Ericsson Salesman Loses 5th Cir. Severance Appeal

Employee Benefits News examines legal developments that impact the employee benefits and executive compensation employers provide, including federal and state legislation, rules from federal...

By Jacklyn Wille

July 8 — Telecom manufacturer Ericsson Inc. doesn't owe severance benefits to a salesman who wiped his work laptop of company files after being terminated, an appeals court ruled ( Gomez v. Ericsson Inc. , 5th Cir., No. 15-41479, 7/8/16 ).

The July 8 decision by the U.S. Court of Appeals for the Fifth Circuit focused on whether the company's severance policies qualified as benefit plans governed by the Employee Retirement Income Security Act.

In finding the policies to be ERISA-governed, the court said that the relevant inquiry was whether the policies involved an “ongoing administrative program,” as opposed to a system of one-time payments triggered by discrete events. The Ericsson programs—which cover more than 10,000 employees—are a “far cry” from “single event” plans not subject to ERISA, the court said.

Under this framework, the Fifth Circuit upheld Ericsson's denial of benefits as reasonable under the plans.

In particular, the court declined to consider whether Gomez's deletion of company files violated the severance programs' requirement that terminated workers return company property before receiving benefits, as Ericsson had determined. According to the court, Gomez forfeited his right to challenge this characterization by failing to raise this argument on appeal.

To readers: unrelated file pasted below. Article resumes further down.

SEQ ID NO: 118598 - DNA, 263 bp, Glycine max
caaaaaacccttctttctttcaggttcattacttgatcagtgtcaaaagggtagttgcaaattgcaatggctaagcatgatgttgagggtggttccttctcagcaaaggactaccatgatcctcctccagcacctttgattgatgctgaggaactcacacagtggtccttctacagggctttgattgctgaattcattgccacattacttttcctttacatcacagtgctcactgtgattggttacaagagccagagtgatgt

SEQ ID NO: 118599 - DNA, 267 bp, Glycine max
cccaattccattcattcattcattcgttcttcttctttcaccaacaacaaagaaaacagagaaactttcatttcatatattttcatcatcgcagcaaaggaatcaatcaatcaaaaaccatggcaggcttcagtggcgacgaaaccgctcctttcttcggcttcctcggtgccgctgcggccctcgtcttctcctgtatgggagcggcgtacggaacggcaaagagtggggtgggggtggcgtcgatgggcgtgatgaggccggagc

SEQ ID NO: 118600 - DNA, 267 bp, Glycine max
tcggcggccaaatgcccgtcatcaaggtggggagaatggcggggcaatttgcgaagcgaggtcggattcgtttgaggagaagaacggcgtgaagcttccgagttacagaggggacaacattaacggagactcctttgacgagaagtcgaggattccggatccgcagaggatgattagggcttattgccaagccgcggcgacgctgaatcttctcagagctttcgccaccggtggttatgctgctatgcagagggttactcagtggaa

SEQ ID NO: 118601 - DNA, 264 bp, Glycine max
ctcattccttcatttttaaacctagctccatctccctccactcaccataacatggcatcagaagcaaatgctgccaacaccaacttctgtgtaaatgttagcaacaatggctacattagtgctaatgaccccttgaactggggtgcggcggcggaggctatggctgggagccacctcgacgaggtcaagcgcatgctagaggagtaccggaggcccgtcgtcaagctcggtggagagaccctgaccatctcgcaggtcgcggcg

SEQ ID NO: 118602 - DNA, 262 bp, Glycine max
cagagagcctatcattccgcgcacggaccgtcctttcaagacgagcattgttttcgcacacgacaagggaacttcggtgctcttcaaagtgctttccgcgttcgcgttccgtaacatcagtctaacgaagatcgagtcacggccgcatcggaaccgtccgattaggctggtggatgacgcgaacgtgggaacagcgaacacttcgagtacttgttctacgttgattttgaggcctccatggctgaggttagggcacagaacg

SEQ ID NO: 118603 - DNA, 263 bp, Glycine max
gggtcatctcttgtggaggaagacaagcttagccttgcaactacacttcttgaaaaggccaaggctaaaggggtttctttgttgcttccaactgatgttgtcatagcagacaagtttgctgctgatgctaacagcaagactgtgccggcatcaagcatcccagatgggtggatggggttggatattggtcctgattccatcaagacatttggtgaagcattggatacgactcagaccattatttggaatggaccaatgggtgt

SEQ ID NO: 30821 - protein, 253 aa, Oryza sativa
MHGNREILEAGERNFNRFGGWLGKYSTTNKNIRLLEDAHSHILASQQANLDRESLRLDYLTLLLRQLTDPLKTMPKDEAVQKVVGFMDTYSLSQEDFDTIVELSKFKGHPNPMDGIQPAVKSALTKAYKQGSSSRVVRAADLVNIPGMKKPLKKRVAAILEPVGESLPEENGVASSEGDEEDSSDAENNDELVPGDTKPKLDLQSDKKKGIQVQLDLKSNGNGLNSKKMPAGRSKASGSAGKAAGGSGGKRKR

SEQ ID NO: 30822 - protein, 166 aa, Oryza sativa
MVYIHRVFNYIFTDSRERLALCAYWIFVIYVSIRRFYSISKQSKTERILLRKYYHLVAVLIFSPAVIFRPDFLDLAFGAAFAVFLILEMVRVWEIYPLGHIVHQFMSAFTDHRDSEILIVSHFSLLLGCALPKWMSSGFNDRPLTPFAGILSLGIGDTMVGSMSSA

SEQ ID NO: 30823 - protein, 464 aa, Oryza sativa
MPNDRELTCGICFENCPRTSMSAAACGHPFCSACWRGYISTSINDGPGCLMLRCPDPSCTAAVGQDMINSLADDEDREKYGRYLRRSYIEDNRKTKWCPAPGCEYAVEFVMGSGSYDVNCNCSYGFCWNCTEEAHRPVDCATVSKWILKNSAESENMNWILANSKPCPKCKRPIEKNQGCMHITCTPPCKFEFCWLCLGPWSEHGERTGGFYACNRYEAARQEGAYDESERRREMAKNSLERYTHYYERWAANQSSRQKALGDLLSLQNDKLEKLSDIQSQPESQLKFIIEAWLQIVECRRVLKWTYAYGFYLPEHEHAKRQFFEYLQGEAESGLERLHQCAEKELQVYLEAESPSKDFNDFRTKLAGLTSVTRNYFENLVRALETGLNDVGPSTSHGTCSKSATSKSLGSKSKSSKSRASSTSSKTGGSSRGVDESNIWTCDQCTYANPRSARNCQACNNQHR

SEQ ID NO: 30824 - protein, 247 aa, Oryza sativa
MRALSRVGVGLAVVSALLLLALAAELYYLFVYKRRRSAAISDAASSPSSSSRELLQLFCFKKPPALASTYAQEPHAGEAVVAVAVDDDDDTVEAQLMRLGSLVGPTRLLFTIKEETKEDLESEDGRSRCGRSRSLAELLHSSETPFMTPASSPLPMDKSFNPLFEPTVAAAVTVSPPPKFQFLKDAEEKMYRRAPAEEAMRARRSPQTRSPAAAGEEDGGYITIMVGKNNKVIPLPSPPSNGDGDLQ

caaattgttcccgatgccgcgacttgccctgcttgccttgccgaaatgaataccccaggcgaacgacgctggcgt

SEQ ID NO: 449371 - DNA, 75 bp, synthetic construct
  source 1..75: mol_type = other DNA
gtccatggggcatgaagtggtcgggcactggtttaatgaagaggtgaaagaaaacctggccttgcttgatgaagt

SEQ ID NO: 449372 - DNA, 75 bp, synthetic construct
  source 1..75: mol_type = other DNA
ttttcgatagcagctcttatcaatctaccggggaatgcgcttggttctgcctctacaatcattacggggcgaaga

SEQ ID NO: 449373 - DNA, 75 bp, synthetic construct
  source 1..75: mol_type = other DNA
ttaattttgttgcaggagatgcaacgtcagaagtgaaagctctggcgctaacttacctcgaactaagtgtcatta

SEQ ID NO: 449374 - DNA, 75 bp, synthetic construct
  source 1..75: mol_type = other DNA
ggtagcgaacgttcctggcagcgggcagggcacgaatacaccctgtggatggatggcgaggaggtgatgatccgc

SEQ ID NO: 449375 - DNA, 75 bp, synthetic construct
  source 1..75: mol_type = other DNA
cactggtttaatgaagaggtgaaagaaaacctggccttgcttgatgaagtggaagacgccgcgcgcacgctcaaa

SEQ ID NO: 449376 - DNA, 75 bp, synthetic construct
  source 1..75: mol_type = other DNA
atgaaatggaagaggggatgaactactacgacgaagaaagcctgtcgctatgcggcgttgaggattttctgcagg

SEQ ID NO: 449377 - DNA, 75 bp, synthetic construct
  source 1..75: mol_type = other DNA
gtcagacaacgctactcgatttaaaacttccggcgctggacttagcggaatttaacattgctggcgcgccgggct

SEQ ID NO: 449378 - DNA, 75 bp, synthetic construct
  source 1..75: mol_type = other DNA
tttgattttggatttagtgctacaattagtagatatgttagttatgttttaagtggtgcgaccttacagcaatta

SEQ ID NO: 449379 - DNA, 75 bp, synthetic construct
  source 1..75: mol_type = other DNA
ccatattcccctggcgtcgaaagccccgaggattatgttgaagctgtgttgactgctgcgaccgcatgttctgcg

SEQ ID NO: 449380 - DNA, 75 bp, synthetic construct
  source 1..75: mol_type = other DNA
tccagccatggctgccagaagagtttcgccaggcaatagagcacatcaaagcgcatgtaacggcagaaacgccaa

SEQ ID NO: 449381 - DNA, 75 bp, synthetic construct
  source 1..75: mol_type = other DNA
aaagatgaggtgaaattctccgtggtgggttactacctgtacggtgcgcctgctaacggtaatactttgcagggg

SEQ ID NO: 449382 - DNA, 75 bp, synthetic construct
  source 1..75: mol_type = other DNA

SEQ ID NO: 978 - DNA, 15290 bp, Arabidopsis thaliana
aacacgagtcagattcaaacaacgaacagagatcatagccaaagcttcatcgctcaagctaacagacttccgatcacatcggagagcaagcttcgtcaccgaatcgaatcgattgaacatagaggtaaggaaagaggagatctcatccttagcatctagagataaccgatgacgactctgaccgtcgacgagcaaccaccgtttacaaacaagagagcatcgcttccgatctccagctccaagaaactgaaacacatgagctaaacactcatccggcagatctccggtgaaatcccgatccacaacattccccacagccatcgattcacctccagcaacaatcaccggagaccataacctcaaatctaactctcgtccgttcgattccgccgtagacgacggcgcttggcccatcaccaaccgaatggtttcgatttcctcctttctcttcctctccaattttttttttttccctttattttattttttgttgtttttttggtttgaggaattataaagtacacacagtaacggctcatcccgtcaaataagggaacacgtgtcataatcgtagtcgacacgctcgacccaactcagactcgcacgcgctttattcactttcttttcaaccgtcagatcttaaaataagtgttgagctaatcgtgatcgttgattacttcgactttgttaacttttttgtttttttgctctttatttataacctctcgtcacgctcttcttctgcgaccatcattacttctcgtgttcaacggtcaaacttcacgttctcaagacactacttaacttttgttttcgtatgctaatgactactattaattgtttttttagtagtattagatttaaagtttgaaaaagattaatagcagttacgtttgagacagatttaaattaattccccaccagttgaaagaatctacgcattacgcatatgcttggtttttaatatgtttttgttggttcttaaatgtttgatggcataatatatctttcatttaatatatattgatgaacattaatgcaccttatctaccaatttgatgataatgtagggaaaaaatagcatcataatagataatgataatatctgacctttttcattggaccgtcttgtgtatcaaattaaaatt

Instead, the court considered Gomez's primary argument on appeal: that the plans conditioned severance only on the signing of a satisfactory waiver and release of claims. Since Gomez had signed a waiver and release of claims, he argued this was all he needed to do to receive benefits.

Although the court found “some force” to this argument, it ultimately saw enough ambiguity in the Ericsson plans to uphold the company's decision denying benefits.

Judge Gregg J. Costa wrote the decision, which was joined by Judges Jerry E. Smith and Rhesa H. Barksdale.

Sanford Firm represented Gomez. Ogletree Deakins Nash Smoak & Stewart PC represented Ericsson.

To contact the reporter on this story: Jacklyn Wille in Washington at

To contact the editor responsible for this story: Jo-el J. Meyer at

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